17β-Estradiol protects Schwann cells against H2O2-induced cytotoxicity and increases transplanted Schwann cell survival in a cervical hemicontusion spinal cord injury model

Authors

  • Akkradate Siriphorn,

    1. Department of Physical Medicine and Rehabilitation, Center for Glial Biology in Medicine, University of Alabama at Birmingham, Birmingham, Alabama, USA
    2. Department of Physiology, Faculty of Medicine Siriraj Hospital, Mahidol University, Bangkok, Thailand
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  • Supin Chompoopong,

    1. Department of Anatomy, Faculty of Medicine Siriraj Hospital, Mahidol University, Bangkok, Thailand
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  • Candace L. Floyd

    1. Department of Physical Medicine and Rehabilitation, Center for Glial Biology in Medicine, University of Alabama at Birmingham, Birmingham, Alabama, USA
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Address correspondence and reprint requests to Candace Floyd, Ph.D., Assistant Professor, Department of Physical Medicine and Rehabilitation, Center for Glial Biology in Medicine, University of Alabama at Birmingham, Birmingham, AL, USA. E-mail: clfloyd@uab.edu

Abstract

J. Neurochem. (2010) 115, 864–872.

Abstract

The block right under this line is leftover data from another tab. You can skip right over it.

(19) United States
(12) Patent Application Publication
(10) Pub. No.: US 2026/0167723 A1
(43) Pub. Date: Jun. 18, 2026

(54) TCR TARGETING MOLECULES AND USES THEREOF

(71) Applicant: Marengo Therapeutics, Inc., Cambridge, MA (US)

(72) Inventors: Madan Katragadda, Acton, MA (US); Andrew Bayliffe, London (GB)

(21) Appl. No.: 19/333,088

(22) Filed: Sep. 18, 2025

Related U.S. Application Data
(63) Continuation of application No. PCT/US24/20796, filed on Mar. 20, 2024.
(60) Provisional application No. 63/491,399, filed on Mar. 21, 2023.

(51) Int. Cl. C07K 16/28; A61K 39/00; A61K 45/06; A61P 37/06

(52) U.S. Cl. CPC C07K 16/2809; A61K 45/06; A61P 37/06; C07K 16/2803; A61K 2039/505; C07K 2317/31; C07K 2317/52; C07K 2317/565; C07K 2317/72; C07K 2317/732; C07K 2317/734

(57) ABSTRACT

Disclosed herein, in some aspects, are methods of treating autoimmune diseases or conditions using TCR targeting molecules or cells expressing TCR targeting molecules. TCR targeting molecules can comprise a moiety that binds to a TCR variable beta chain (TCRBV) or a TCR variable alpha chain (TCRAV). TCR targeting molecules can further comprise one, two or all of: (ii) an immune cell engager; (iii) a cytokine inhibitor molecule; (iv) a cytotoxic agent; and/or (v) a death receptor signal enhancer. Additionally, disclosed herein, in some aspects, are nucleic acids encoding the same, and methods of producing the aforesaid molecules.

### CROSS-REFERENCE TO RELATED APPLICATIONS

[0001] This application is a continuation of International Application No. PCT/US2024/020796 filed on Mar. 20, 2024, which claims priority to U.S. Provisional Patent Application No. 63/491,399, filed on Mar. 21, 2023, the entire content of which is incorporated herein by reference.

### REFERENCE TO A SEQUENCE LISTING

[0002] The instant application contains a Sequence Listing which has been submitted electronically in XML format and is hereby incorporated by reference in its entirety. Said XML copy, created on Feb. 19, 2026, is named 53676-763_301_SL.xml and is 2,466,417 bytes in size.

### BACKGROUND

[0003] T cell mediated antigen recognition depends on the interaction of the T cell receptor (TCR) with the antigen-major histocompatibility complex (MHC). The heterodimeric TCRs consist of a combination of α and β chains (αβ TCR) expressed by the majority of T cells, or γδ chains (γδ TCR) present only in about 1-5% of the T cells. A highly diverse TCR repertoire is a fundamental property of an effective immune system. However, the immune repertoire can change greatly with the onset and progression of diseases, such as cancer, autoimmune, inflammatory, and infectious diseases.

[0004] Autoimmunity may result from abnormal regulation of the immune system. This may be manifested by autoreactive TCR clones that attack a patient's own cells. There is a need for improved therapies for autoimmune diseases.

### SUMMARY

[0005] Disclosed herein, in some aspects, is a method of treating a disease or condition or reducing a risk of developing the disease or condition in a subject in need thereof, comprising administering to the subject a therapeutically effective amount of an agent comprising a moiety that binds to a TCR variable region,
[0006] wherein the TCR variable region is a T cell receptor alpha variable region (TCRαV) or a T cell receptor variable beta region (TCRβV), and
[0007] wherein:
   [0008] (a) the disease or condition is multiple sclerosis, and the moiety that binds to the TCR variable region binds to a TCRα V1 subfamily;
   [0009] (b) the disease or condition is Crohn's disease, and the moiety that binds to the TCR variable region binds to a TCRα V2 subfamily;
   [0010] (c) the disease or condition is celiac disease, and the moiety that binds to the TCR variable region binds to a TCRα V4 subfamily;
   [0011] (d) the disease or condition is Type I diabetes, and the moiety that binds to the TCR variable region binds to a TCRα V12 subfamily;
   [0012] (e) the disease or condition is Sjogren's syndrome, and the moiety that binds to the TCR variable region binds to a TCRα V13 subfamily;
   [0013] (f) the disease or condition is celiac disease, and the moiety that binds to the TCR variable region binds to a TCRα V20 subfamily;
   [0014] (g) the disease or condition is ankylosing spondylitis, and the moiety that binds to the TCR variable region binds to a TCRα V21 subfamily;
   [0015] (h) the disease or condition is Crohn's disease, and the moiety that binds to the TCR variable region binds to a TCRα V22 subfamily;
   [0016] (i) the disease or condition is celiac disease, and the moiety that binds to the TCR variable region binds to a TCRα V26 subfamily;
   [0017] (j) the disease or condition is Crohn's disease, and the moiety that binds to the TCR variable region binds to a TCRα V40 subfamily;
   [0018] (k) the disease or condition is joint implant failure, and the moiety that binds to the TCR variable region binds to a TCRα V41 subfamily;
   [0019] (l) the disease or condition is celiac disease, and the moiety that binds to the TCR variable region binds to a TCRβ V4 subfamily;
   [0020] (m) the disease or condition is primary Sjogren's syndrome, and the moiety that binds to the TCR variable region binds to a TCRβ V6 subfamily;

Schwann cell (SC) transplantation is a promising repair strategy after spinal cord injury (SCI); however, a large number of SCs do not survive following transplantation. Previous studies have shown that 17β-estradiol (E2) protects several cell types against cytotoxicity. Thus, this study evaluated the protective potential of E2 on SCs in vitro and investigated the effect of E2 on transplanted SC survival in a rat model of SCI. Primary SC cultures were found to robustly express estrogen receptors (ER) and incubation with E2 protected SCs against hydrogen peroxide-induced cell death. This protection was not inhibited by the ER antagonist ICI 182,780, suggesting that genomic signaling is not necessary for protection. In a subsequent experiment, cervical hemicontusion SCI was induced in male rats followed by sustained administration of E2 or placebo. Eight days after SCI, SCs were transplanted into the injury epicenter. E2 treatment significantly increased the number of surviving labeled transplanted SCs evaluated 7 days after transplantation. These data demonstrate that E2 protects SCs against oxidative stress and improves transplanted SC survival, which suggests that E2 administration may be an intervention of choice for enhancing survival of transplanted SCs after SCI.

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